External Flash Techniques for Your Digital SLR - dummies

By Robert Correll

An external flash (the flash unit that you can attach to your dSLR, not where you mount it) is useful and a lot of fun. Although built-in flashes are capable, an external flash: Offers more flexibility, has more power, gives you a greater range of freedom.

These techniques are possible using one external flash. You can add more. The more you add, the more creative you can be.

1Use a balanced fill flash.

A flash is a useful device to have, even when you don’t think you need one. Forcing the flash to fire, called fill flash, will often make your subjects look better and balance the brightness of the foreground and background better. The flash keeps the subjects face well lit and not in shadow.

If you can’t face your subject toward the light, make sure to use the flash. It also helps when you can use high-speed sync (HSS).

2Use bouncing and diffusing.

Bouncing, the flash softens its light and makes shadows less prominent. To bounce your flash, tilt or swivel the head so that it points at the ceiling or wall.

If you’re shooting in an area with high ceilings, switch to a diffuser and point the flash straight at the subject.

The great thing about bouncing the flash is that you can do it even when you have no other gear with you. It’s the ultimate fail-safe solution, provided you have an external flash unit attached to your camera with a tilt/swivel head.

3Use a bounce diffuser/reflector.

Although you can find several types and brands of flash bouncers, LumiQuest is the most notable. This product bounces, reflects, and diffuses light from your flash simultaneously. It attaches to the front of your flash with the help of a hook-and-loop strap, which you aim upward, and has the shape of a fan. Light from the flash hits the surface of the bouncer and is reflected toward the subject.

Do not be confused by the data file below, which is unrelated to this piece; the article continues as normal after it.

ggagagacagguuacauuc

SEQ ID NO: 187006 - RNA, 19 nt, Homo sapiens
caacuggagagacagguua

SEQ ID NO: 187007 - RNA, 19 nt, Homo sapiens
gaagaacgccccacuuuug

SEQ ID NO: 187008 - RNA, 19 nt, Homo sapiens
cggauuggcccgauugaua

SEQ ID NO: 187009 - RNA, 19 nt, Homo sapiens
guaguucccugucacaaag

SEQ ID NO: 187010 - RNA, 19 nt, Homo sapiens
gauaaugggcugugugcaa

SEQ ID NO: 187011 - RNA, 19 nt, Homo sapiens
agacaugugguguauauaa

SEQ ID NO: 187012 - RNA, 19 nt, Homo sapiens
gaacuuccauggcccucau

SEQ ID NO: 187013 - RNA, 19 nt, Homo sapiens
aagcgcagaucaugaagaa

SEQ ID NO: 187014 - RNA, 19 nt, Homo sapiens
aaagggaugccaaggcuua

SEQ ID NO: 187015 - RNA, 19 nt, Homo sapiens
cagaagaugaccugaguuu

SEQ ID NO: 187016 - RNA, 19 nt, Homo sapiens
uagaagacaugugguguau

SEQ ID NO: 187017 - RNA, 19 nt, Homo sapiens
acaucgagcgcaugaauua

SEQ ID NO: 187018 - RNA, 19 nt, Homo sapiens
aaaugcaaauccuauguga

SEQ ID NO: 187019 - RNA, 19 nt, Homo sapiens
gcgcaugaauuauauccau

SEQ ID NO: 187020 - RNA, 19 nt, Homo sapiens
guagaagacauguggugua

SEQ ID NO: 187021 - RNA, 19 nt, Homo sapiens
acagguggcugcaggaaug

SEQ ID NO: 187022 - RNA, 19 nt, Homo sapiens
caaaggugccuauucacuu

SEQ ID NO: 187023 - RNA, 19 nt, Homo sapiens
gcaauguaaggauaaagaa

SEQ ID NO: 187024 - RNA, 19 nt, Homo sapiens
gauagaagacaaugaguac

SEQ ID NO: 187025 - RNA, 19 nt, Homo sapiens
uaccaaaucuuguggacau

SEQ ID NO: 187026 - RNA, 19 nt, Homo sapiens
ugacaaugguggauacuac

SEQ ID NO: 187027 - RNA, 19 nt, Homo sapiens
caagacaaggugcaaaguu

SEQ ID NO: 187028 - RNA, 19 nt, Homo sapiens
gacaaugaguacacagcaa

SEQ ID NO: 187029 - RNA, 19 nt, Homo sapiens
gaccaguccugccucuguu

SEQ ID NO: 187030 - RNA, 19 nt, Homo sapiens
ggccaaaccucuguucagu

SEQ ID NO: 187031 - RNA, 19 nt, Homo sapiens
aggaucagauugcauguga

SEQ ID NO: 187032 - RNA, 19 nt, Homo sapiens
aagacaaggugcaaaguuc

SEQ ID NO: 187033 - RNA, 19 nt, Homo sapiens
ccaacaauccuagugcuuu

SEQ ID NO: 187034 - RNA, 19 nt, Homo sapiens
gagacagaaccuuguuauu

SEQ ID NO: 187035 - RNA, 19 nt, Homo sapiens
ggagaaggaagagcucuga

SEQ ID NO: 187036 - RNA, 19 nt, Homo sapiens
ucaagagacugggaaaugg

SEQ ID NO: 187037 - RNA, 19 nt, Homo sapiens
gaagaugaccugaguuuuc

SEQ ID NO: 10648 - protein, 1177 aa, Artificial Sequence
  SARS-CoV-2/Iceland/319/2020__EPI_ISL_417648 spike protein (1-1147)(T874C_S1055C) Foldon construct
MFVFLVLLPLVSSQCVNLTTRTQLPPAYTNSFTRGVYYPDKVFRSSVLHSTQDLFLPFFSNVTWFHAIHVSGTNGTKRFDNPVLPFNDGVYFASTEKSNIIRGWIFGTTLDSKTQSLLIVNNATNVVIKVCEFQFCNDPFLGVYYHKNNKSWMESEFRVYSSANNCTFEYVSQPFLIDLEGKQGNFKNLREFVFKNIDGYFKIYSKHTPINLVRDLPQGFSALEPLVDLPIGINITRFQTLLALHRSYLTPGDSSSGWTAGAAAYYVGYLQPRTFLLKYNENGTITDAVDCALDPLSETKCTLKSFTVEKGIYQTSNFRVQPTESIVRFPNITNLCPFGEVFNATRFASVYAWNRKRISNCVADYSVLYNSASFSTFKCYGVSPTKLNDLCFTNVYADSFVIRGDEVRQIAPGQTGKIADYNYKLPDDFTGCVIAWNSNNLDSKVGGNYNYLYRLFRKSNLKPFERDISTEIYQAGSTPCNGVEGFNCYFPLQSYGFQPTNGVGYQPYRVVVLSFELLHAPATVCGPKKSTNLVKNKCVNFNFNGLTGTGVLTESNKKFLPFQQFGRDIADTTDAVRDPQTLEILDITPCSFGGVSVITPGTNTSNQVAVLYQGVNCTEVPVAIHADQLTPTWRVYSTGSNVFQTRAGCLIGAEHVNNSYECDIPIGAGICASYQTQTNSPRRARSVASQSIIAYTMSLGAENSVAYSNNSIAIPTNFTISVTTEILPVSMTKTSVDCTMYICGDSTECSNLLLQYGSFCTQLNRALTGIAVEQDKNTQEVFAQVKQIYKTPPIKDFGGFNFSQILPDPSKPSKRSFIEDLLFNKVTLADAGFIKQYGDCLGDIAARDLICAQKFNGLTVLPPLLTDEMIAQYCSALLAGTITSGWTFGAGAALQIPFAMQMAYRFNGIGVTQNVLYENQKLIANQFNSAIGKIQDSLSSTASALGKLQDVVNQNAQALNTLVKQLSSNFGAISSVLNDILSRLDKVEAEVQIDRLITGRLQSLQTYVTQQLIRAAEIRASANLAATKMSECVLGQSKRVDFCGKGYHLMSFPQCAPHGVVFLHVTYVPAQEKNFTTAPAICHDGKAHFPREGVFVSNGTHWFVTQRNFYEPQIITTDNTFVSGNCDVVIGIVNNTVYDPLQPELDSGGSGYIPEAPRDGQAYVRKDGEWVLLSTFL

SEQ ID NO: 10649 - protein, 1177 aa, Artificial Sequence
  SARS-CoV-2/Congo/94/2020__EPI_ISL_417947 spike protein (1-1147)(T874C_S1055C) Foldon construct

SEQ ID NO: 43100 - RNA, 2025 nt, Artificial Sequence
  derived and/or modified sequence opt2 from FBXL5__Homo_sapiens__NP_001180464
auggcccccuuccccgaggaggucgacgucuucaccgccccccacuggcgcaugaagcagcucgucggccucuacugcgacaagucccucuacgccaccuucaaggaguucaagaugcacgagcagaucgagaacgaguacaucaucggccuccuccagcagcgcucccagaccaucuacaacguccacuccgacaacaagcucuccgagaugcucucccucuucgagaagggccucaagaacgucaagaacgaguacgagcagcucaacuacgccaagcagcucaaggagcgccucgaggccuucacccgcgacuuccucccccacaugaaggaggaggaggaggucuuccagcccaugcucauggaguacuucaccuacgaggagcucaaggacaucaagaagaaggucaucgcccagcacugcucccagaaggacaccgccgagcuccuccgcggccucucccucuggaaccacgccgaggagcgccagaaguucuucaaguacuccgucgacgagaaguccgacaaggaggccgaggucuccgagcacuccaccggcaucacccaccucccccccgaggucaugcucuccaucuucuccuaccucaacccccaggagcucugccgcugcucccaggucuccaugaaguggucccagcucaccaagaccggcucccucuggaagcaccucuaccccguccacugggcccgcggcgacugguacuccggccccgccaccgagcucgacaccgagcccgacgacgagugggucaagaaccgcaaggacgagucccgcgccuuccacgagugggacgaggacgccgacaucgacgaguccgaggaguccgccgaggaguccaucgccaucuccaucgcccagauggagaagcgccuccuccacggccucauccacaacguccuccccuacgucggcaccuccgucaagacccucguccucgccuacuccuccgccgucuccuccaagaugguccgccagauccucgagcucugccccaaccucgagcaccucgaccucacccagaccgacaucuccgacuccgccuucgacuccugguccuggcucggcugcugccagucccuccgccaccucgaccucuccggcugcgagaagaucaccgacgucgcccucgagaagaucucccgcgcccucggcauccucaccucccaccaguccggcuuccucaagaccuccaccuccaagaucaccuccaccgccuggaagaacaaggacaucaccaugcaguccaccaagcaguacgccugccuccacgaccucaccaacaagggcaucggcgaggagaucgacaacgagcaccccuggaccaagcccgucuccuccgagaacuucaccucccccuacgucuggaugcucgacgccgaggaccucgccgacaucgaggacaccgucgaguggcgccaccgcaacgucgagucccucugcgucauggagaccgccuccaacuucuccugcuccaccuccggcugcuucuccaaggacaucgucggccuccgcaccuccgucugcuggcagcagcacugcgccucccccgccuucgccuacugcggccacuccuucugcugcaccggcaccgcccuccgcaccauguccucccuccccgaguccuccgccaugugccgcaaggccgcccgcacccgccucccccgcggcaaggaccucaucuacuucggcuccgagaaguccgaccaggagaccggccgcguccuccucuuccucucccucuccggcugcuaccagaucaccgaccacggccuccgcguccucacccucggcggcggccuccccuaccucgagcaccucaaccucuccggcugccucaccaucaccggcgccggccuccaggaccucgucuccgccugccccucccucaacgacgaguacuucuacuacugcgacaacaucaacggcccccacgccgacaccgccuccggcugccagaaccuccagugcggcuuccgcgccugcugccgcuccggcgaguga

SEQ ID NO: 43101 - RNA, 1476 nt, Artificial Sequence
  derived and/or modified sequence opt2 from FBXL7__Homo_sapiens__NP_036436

Here is a Pocket Bouncer. Notice that you rotate the flash head straight up and let the bouncer do the bouncing. The downside to this setup is that you have to ensure enough headroom to use it, and there’s the danger of coming across like a superflash freak.

4Use an umbrella.

Umbrellas are just what you’d expect, except they won’t keep rain off your head. Umbrellas diffuse light from the flash even better than bouncing or using a diffuser. The catch is that you have to set up the umbrella on a stand with the flash. That limits how portable and spontaneous you can be. However, the results are almost always fantastic.

To control your flash on a light stand (which looks something like a tripod, but isn’t meant to hold a camera) with an umbrella, you can make it wireless and use your camera’s built-in flash for a trigger. Or, you can buy an off-camera cord that extends the range of your hot shoe.

5Use shadows.

Most of the time you use a flash to remove shadows, but not always. You can have a lot of fun with shadows. The pictures of a Godzilla figure were taken in front of a white background with different colored blocks in the foreground. The room’s ambient lighting was pretty bright, but the flash cast a shadow from left to right. It makes the whole scene feel more alive.

6Get snoot-y.

Have you ever watched an old Star Trek episode where Captain Kirk sits in the captain’s chair and his eyes are brightly lit but the rest of his face isn’t? They created that effect with a snoot, a tube or rectangle on the end of the flash; it keeps the flash tightly focused on the subject. The longer the snoot, the more focused the lighting.

The shorter the snoot, the more it expands. You can even make your own snoot out of things you have on hand (high-tech things like cardboard and tape).

This photo was taken with Gary Fong’s Collapsible snoot with PowerGrid. The flash was moved off-camera to the left of the subjects face. The flash is much farther away than the camera. The result is a portrait that has a lot of close-up detail (impossible to capture with a straight shot of the flash), creative side lighting, interesting shadow, and a dark background.

7Elevate the flash with a bracket.

Flash brackets make your dSLR look like an old-fashioned press camera with the flash on the side — the type you see in old movies. If you’re skeptical, stick with it. It may surprise you.

Photographers who mainly hold their cameras vertically know that when you attach an external flash to the camera’s hot shoe, the flash sticks out to the side, not on top. Even if you can swivel the flash, it’s no longer elevated. By putting the flash on a bracket, you can position the flash so that it works more like a traditional flash on the hot shoe.

You need a short flash cord for this to work. Buy one that supports the features you need to work on your flash.